Each April, the National Association of Counties (NACo) raises public awareness and understanding about the roles and responsibilities of the nation’s more than 3,000 county governments and 18,000 elected county officials during National County Government Month (NCGM).
Did you know? Counties employ more than 3.2 million, own and maintain 44-percent of American roadways and 228,026 of America’s bridges, and expend more $470 billion annually.
This year, NACo has designated the theme of NCGM as Smart Justice.
Smart investments to ensure safe and secure communities remain a top priority for Franklin County Commissioners. Franklin County’s 2013 Approved Budget directed nearly sixty-nine cents of every General Fund dollar expended to support community safety, security and effective justice programs.
In the first four months of 2013, Franklin County has already directed hundreds of thousands of dollars to address domestic violence and sexual assault, operate the County’s DUI Taskforce, support the comprehensive Internet Crimes Against Children (ICAC) program, purchase 14 additional emergency warning sirens and updated equipment for the County’s Child Identification Kits to assist parents locate a lost or missing child. Commissioners supported a safe crossing for elementary students in Worthington walking to school, and provided support for the certification of Type B home childcare providers so that low-income working parents have access to safe childcare options.
County Commissioners also allocated more than $5 million in support for local emergency shelter and housing agencies to address homelessness in Franklin County. “As Commissioners, we’re charged with protecting the county’s resources, as well as ensuring a safe community for residents,” said Commissioner Board President John O’Grady. “There’s no question that we’ve made those a priority, but as our community continues to lead the state in population growth, we continue to call upon the talented men and women in our community who volunteer their time to keep our community safe and seek to preserve the quality of life all Franklin County residents expect.”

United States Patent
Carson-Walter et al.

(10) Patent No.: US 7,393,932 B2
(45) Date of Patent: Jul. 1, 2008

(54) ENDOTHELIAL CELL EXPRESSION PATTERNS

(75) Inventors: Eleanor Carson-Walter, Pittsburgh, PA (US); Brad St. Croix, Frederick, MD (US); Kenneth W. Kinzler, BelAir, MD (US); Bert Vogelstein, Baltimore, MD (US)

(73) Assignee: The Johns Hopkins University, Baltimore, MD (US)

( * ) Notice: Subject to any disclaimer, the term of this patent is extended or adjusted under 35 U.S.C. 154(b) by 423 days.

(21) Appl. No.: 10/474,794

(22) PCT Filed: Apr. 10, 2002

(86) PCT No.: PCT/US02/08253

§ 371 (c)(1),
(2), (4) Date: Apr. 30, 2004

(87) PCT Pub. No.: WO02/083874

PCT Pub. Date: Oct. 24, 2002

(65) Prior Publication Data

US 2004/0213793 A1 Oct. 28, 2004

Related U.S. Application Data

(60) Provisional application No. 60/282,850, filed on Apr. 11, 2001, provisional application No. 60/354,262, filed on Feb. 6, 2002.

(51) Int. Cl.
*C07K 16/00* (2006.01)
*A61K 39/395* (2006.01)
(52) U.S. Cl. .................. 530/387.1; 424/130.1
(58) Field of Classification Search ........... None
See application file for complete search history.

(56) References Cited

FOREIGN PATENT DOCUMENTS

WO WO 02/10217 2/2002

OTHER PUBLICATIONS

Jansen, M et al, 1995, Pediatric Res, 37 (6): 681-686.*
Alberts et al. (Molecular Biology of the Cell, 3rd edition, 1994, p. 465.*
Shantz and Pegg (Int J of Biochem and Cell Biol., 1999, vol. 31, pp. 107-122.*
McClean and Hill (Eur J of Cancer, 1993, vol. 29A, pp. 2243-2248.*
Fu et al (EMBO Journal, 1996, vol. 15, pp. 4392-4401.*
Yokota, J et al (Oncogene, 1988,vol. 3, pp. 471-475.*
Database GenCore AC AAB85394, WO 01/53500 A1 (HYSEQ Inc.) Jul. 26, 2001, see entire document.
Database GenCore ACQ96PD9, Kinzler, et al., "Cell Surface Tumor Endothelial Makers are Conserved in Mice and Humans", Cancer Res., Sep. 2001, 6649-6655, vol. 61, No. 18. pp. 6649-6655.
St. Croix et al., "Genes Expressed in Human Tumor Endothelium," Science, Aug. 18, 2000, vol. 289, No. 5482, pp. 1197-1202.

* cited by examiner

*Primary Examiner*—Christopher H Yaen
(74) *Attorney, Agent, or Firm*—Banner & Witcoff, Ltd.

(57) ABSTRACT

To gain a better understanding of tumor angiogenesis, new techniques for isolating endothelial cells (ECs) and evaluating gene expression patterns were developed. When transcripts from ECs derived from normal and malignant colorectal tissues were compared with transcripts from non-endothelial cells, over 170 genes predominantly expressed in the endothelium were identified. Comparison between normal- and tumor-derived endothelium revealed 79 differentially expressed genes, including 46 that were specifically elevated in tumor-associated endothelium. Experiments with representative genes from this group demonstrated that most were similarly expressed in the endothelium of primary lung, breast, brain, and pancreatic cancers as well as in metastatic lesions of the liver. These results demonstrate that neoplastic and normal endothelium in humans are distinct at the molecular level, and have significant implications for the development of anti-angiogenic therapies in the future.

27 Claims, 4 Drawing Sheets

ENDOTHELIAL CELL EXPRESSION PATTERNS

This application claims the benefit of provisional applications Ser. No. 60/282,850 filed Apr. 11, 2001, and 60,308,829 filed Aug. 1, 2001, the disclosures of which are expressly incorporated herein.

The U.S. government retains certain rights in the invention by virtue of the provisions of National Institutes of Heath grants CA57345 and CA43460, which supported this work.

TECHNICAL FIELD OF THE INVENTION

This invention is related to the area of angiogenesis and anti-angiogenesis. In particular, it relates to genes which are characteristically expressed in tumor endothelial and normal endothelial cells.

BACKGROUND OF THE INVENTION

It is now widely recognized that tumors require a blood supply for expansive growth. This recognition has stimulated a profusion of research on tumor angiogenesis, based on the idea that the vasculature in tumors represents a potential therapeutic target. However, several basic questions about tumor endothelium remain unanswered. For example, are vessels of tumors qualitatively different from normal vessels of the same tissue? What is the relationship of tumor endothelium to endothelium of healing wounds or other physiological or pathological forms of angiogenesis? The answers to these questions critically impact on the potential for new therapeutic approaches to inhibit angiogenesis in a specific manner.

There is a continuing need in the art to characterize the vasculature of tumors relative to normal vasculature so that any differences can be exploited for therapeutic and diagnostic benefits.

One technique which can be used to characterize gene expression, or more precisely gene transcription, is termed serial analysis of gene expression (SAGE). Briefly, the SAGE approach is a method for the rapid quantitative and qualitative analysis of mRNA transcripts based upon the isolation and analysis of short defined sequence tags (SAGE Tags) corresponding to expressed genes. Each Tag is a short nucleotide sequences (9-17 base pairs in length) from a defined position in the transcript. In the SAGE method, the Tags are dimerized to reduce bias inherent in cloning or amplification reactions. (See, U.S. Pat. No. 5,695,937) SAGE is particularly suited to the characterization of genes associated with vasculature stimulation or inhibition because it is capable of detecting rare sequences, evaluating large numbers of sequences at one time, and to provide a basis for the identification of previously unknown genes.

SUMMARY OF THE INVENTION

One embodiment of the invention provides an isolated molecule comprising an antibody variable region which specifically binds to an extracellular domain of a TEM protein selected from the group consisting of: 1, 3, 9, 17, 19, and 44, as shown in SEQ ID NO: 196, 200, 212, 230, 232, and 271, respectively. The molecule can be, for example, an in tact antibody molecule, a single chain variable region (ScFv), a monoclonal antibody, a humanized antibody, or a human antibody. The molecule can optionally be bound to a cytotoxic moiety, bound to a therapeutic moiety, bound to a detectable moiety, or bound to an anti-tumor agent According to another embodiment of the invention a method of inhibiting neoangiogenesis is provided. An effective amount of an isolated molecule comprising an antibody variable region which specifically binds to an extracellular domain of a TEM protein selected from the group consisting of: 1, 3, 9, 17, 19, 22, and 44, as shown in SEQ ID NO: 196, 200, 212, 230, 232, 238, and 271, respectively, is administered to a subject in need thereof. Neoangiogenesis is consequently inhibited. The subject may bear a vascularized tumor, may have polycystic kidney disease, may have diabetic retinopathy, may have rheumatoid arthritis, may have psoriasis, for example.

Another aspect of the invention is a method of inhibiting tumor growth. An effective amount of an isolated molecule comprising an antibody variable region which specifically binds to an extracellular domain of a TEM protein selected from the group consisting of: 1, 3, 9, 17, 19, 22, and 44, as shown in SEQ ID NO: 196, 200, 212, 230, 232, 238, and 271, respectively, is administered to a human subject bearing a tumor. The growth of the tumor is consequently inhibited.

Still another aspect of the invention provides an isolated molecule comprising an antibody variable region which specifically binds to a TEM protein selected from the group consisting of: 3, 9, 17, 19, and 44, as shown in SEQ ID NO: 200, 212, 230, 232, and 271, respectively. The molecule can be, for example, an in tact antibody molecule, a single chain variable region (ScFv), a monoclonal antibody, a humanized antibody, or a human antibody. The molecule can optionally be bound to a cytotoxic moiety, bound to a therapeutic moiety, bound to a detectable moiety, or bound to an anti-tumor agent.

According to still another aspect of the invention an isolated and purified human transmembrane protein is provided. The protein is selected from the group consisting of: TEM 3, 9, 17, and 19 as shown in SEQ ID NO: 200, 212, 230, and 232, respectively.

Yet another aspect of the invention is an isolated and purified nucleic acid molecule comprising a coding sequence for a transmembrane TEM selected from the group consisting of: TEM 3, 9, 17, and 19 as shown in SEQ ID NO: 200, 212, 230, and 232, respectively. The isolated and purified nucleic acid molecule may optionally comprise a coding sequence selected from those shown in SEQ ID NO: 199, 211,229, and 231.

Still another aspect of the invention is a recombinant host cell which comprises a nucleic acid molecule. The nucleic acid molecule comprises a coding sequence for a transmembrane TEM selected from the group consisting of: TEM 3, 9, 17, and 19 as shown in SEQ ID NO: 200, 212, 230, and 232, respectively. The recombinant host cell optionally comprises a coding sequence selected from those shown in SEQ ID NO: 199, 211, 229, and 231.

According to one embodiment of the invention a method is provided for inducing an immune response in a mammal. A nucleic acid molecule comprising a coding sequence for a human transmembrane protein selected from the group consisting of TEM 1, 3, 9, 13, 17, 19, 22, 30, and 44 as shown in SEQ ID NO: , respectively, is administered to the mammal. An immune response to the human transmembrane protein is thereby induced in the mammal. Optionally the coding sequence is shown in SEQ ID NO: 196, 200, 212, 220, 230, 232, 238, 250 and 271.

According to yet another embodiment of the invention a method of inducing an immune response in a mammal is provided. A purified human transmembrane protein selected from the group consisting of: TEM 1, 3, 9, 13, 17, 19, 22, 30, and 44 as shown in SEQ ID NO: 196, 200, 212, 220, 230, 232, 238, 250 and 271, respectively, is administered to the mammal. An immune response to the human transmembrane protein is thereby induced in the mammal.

To that end, the Commissioners’ Office of Homeland Security and Justice Programs train’s local volunteers to recognize community dangers and report trouble as part of their Volunteers In Police Services (VIPS) program and Explorers program.
To date, four classes of volunteers have been completed with a total of more than 80 individuals graduating.
“Volunteer. Give back. Just as so many are doing to improve the community in which they live,” said Commissioner Paula Brooks. “Whether you become a member of your neighborhood block watch, want to support families of children with developmental disabilities, mentor a youth in foster care or sign up to walk dogs at your local dog shelter, volunteer opportunities are endless and your service is needed.” Commissioners noted that volunteers don’t just help Franklin County stay safe, they are an important resource for maintaining a community’s quality of life. April 21-27 is Volunteer Appreciation Week. The Franklin County Commissioners appoint volunteers to more than forty boards and commissions which impact every facet of government, economic development, and vital social services in the County. These talented individuals serve the community by bringing expertise, diversity, and perspective to these entities.
Earlier this year, the Board of Commissioners made appointments to Franklin Park Conservatory Joint Recreation District Board of Trustees, the Franklin County Board of Developmental Disabilities, and the Franklin County Parks and Recreation Board of Trustees.
Commissioners also worked with Court Appointed Special Advocates (CASA) to provide qualified and trained volunteers to act as courtroom advocates for abused, neglected, and dependent children budgeting an additional $50,000 for CASA this year which will provide advocacy to a total of 805 children in 375 abuse and neglect cases.
“Local volunteers give tirelessly of their time, energy and talents to help keep our communities safe and strong and help shape our future,” said Commissioner Marilyn Brown. “They also make unparalleled sacrifices – working every day -- to improve the lives of Franklin County’s children and the disabled, our seniors and so many other vulnerable individuals. For that, I offer my sincere appreciation not just during County Government Month and Volunteer Appreciation Week but always for the work they do.”
Find more information on National County Government Month on-line at
and on Twitter @FranklinCoOhio #NCGM. A new, updated database of the County’s representatives on various boards and commissions -- including a description of the members’ responsibilities -- can also be found on the Commissioners’ website at www.FranklinCountyOhio.gov/Commissioners/boards-and-commissions.